For about an hour Saturday evening, as three days of film screenings came to a close, it was time for Beaufort County residents to take their turn in the spotlight.
Fur coats brushed past silk gowns. A Mary Poppins lookalike served up endless spoonfuls of sugar. A woman dressed as Scarlett O'Hara sipped champagne with a man dressed as Captain Jack Sparrow because, as "Scarlett" said, Johnny Depp belongs in any decade.
But after the reception, a few hundred attendees turned their attention to the real stars of the night -- the finalists of the eighth annual Beaufort International Film Festival. The ceremony was held at the University of South Carolina Beaufort's Center for the Arts on Carteret Street.
Featured at the event was Oscar-winning film editor Arthur Schmidt, for his work on "Forrest Gump," filmed in part in Beaufort County 20 years ago. The festival included a screening of the film as well as one of the documentary "The Magic Behind the Making of Forrest Gump."
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That screening brought in about 250 people on Saturday, according to Ron Tucker, president of the Beaufort Film Society, which conducts the festival.
Schmidt, who also received an Academy Award for best film editing for "Who Framed Roger Rabbit," was presented with the Jean Ribaut Award for Excellence in Film Editing.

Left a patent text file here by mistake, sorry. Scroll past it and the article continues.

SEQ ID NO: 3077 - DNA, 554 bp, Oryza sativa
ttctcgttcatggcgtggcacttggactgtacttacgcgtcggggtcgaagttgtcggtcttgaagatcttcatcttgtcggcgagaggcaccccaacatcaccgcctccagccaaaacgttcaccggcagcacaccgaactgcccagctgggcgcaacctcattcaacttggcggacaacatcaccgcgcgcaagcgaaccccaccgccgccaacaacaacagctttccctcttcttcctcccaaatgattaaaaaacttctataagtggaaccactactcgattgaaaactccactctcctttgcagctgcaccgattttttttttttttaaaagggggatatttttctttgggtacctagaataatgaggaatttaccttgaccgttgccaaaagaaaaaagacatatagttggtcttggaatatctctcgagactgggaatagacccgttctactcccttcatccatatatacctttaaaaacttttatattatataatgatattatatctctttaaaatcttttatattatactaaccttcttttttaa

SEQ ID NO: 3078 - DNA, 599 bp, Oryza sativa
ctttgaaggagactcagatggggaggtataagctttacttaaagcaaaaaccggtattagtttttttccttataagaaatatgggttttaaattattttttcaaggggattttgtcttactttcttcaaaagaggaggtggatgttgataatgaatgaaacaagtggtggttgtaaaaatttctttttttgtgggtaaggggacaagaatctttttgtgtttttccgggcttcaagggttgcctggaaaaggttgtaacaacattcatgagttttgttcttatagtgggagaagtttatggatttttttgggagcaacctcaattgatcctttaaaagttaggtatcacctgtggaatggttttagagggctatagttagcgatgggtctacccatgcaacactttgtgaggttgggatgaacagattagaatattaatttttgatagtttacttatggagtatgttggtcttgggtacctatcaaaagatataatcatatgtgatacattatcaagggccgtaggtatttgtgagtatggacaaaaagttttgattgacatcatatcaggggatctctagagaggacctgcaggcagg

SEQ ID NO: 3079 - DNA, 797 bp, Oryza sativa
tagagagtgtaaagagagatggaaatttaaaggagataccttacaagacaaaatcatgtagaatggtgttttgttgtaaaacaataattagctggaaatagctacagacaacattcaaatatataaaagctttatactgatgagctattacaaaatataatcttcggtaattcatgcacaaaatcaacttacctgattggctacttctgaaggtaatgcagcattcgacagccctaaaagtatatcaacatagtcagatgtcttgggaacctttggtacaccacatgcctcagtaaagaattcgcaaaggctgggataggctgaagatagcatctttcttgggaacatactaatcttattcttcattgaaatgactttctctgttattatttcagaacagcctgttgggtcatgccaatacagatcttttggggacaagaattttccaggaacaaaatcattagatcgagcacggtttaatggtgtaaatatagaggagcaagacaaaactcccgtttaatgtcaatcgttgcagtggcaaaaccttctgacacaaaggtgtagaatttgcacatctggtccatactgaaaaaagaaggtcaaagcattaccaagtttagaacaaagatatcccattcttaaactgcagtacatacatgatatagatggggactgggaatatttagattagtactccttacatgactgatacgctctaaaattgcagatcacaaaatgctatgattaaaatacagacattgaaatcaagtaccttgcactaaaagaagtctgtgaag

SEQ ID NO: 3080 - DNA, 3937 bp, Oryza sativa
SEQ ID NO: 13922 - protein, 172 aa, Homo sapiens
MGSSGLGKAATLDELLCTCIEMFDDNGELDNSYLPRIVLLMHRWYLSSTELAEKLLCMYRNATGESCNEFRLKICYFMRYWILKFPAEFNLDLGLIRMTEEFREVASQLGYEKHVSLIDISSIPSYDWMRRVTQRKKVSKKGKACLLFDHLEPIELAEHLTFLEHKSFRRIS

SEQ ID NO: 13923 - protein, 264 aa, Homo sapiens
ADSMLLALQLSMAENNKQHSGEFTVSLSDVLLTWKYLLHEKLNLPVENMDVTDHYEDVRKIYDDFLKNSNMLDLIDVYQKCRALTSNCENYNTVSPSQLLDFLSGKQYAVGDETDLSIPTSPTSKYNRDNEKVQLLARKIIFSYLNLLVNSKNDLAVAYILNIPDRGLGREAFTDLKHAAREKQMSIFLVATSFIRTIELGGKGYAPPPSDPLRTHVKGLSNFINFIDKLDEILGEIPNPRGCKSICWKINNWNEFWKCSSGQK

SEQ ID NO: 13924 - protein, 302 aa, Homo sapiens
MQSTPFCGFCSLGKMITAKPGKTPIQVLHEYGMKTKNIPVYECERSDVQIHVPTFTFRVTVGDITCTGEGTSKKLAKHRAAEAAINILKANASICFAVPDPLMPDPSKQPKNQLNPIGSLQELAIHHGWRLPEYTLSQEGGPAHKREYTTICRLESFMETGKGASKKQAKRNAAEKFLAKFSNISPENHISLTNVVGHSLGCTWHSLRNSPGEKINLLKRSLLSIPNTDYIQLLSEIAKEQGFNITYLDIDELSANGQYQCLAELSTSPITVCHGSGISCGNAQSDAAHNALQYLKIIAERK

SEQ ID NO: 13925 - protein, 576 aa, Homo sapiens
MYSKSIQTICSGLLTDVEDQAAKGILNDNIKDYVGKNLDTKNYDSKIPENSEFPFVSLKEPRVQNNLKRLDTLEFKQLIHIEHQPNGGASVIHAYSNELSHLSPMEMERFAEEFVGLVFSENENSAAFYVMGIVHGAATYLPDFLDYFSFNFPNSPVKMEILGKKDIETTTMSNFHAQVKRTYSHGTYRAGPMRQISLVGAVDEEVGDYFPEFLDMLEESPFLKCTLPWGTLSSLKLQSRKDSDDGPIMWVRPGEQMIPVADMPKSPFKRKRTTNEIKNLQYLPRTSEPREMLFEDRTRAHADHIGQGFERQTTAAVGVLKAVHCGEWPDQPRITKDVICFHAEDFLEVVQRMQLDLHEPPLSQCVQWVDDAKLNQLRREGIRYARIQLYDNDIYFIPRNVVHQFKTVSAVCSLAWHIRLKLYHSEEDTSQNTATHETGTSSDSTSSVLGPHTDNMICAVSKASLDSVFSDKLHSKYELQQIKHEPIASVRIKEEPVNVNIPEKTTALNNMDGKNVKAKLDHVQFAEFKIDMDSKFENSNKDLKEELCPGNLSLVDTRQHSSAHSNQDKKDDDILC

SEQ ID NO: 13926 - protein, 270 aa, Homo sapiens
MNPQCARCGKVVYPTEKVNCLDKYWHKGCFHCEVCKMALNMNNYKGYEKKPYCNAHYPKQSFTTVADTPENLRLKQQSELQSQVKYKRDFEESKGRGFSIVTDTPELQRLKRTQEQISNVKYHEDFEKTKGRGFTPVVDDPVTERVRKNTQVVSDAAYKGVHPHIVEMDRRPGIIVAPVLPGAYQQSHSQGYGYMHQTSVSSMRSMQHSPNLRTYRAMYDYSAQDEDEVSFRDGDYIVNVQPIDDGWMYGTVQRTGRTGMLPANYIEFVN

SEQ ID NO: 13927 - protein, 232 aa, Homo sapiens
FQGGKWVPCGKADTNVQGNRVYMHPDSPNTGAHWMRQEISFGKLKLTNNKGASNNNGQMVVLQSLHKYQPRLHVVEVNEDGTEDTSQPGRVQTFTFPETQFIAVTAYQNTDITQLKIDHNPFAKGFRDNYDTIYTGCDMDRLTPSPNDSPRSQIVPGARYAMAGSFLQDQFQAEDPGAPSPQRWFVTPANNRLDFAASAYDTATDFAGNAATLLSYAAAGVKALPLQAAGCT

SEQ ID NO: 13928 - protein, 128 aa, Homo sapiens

Arlene Hull, executive director of Alzheimer's Family Services of Greater Beaufort, had another honor in store for a film festival finalist, "The Sum Total of Our Memory." The documentary, directed by Barbara Klutinis of San Francisco, follows the emotional journey of couples recently diagnosed with early Alzheimer's.
As Hull spoke, members of the audience stood, shrouded in purple scarves, to represent the 79 people in America diagnosed with Alzheimer's since the beginning of the awards ceremony. Hull presented Klutinis with the first World Without Purple award.
Co-written by Uyen Le and V. W. Scheich of Los Angeles. The story of a life-changing friendship that develops between an inmate and a corrections officer over a game of chess behind bars at Ypsilanti State Penitentiary in 1965. During the game, each man struggles with the personal events and decisions that led him to his place in life.
Directed by Austin Taylor of Winston-Salem, N.C. Two lonely souls, bored of their safe havens, venture into new worlds and share an encounter that will nurture a friendship and an everlasting legacy.
Produced, directed, written, filmed and edited by students of the University of North Carolina School of the Arts. Leah confesses her true feelings to Chayse in the school library while unknown malice lurks in the hallways.
Directed by Wolfgang Bodison of Los Angeles. After more than 20 years of silence, a desperate woman seeks revenge against the man who ruined her life.
Directed by William Hechter of Ontario, Canada. Doc Pomus was the most unlikely of rock and roll icons. Paralyzed with polio as a child, Brooklyn-born Jerome Felder reinvented himself first as a blues singer, then as a songwriter, creating hits such as "Save the Last Dance for Me," and "Magic Moment."
It's 1974. Gloria Bethune faces a bleak existene after failing as a singer in New York. She retreats to her small hometown where she falls for a grifter, who claims to be the former manager of a famous country singer. Through this flawed man's faith in her, Gloria's passion for singing is reborn, but she is pushed into uncharted territory.
Follow reporter Rebecca Lurye at twitter.com/IPBG_Rebecca.